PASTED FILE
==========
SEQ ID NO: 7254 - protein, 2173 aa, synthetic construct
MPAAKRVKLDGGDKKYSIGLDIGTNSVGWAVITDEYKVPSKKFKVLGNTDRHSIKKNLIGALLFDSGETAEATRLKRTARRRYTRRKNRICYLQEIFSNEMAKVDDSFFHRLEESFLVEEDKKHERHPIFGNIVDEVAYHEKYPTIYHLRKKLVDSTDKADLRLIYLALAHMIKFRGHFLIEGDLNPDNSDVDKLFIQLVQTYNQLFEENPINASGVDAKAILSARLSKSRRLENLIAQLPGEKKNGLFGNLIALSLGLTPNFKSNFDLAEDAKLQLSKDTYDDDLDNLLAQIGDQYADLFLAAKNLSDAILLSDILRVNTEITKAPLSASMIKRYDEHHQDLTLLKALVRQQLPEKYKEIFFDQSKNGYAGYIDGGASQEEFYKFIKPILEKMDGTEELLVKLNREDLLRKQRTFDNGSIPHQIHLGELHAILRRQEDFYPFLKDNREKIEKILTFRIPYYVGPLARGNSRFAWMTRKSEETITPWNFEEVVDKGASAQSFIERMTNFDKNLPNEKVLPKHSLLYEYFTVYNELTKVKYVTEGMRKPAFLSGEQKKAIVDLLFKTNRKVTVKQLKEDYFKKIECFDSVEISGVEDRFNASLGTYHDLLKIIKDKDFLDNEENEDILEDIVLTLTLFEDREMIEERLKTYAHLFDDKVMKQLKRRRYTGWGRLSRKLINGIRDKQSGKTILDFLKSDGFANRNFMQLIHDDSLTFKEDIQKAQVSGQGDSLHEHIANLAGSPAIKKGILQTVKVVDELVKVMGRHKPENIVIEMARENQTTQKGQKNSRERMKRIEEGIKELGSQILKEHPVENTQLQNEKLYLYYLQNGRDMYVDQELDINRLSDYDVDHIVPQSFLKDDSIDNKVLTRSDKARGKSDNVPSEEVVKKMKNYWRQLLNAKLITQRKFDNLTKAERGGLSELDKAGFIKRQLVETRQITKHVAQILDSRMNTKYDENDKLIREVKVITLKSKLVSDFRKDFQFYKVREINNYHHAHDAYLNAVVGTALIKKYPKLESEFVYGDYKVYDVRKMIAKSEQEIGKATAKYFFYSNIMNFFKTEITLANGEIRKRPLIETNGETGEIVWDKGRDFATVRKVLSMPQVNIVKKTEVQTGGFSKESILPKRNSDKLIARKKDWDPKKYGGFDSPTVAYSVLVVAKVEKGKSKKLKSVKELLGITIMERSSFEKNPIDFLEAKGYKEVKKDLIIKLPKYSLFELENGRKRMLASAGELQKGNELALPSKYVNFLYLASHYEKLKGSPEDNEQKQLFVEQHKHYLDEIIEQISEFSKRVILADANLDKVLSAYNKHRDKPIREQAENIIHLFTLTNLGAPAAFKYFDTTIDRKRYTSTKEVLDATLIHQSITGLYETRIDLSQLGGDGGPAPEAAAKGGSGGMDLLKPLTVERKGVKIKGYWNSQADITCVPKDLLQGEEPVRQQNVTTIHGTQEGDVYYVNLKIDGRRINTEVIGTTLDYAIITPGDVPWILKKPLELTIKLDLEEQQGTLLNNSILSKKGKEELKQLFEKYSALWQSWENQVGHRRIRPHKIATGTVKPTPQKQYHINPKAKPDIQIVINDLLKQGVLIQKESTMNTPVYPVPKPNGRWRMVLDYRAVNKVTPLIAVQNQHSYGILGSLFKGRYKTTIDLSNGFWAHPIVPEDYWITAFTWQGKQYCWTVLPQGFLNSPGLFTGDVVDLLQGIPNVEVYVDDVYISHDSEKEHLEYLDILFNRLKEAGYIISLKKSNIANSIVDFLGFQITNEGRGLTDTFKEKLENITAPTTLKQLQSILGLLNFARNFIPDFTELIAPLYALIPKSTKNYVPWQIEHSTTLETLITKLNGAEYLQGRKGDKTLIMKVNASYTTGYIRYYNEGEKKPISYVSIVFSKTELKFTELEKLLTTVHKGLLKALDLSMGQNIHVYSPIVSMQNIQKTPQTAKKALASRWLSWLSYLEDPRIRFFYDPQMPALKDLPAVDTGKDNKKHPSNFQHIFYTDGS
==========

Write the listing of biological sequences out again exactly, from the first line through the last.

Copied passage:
SEQ ID NO: 7254 - protein, 2173 aa, synthetic construct
MPAAKRVKLDGGDKKYSIGLDIGTNSVGWAVITDEYKVPSKKFKVLGNTDRHSIKKNLIGALLFDSGETAEATRLKRTARRRYTRRKNRICYLQEIFSNEMAKVDDSFFHRLEESFLVEEDKKHERHPIFGNIVDEVAYHEKYPTIYHLRKKLVDSTDKADLRLIYLALAHMIKFRGHFLIEGDLNPDNSDVDKLFIQLVQTYNQLFEENPINASGVDAKAILSARLSKSRRLENLIAQLPGEKKNGLFGNLIALSLGLTPNFKSNFDLAEDAKLQLSKDTYDDDLDNLLAQIGDQYADLFLAAKNLSDAILLSDILRVNTEITKAPLSASMIKRYDEHHQDLTLLKALVRQQLPEKYKEIFFDQSKNGYAGYIDGGASQEEFYKFIKPILEKMDGTEELLVKLNREDLLRKQRTFDNGSIPHQIHLGELHAILRRQEDFYPFLKDNREKIEKILTFRIPYYVGPLARGNSRFAWMTRKSEETITPWNFEEVVDKGASAQSFIERMTNFDKNLPNEKVLPKHSLLYEYFTVYNELTKVKYVTEGMRKPAFLSGEQKKAIVDLLFKTNRKVTVKQLKEDYFKKIECFDSVEISGVEDRFNASLGTYHDLLKIIKDKDFLDNEENEDILEDIVLTLTLFEDREMIEERLKTYAHLFDDKVMKQLKRRRYTGWGRLSRKLINGIRDKQSGKTILDFLKSDGFANRNFMQLIHDDSLTFKEDIQKAQVSGQGDSLHEHIANLAGSPAIKKGILQTVKVVDELVKVMGRHKPENIVIEMARENQTTQKGQKNSRERMKRIEEGIKELGSQILKEHPVENTQLQNEKLYLYYLQNGRDMYVDQELDINRLSDYDVDHIVPQSFLKDDSIDNKVLTRSDKARGKSDNVPSEEVVKKMKNYWRQLLNAKLITQRKFDNLTKAERGGLSELDKAGFIKRQLVETRQITKHVAQILDSRMNTKYDENDKLIREVKVITLKSKLVSDFRKDFQFYKVREINNYHHAHDAYLNAVVGTALIKKYPKLESEFVYGDYKVYDVRKMIAKSEQEIGKATAKYFFYSNIMNFFKTEITLANGEIRKRPLIETNGETGEIVWDKGRDFATVRKVLSMPQVNIVKKTEVQTGGFSKESILPKRNSDKLIARKKDWDPKKYGGFDSPTVAYSVLVVAKVEKGKSKKLKSVKELLGITIMERSSFEKNPIDFLEAKGYKEVKKDLIIKLPKYSLFELENGRKRMLASAGELQKGNELALPSKYVNFLYLASHYEKLKGSPEDNEQKQLFVEQHKHYLDEIIEQISEFSKRVILADANLDKVLSAYNKHRDKPIREQAENIIHLFTLTNLGAPAAFKYFDTTIDRKRYTSTKEVLDATLIHQSITGLYETRIDLSQLGGDGGPAPEAAAKGGSGGMDLLKPLTVERKGVKIKGYWNSQADITCVPKDLLQGEEPVRQQNVTTIHGTQEGDVYYVNLKIDGRRINTEVIGTTLDYAIITPGDVPWILKKPLELTIKLDLEEQQGTLLNNSILSKKGKEELKQLFEKYSALWQSWENQVGHRRIRPHKIATGTVKPTPQKQYHINPKAKPDIQIVINDLLKQGVLIQKESTMNTPVYPVPKPNGRWRMVLDYRAVNKVTPLIAVQNQHSYGILGSLFKGRYKTTIDLSNGFWAHPIVPEDYWITAFTWQGKQYCWTVLPQGFLNSPGLFTGDVVDLLQGIPNVEVYVDDVYISHDSEKEHLEYLDILFNRLKEAGYIISLKKSNIANSIVDFLGFQITNEGRGLTDTFKEKLENITAPTTLKQLQSILGLLNFARNFIPDFTELIAPLYALIPKSTKNYVPWQIEHSTTLETLITKLNGAEYLQGRKGDKTLIMKVNASYTTGYIRYYNEGEKKPISYVSIVFSKTELKFTELEKLLTTVHKGLLKALDLSMGQNIHVYSPIVSMQNIQKTPQTAKKALASRWLSWLSYLEDPRIRFFYDPQMPALKDLPAVDTGKDNKKHPSNFQHIFYTDGS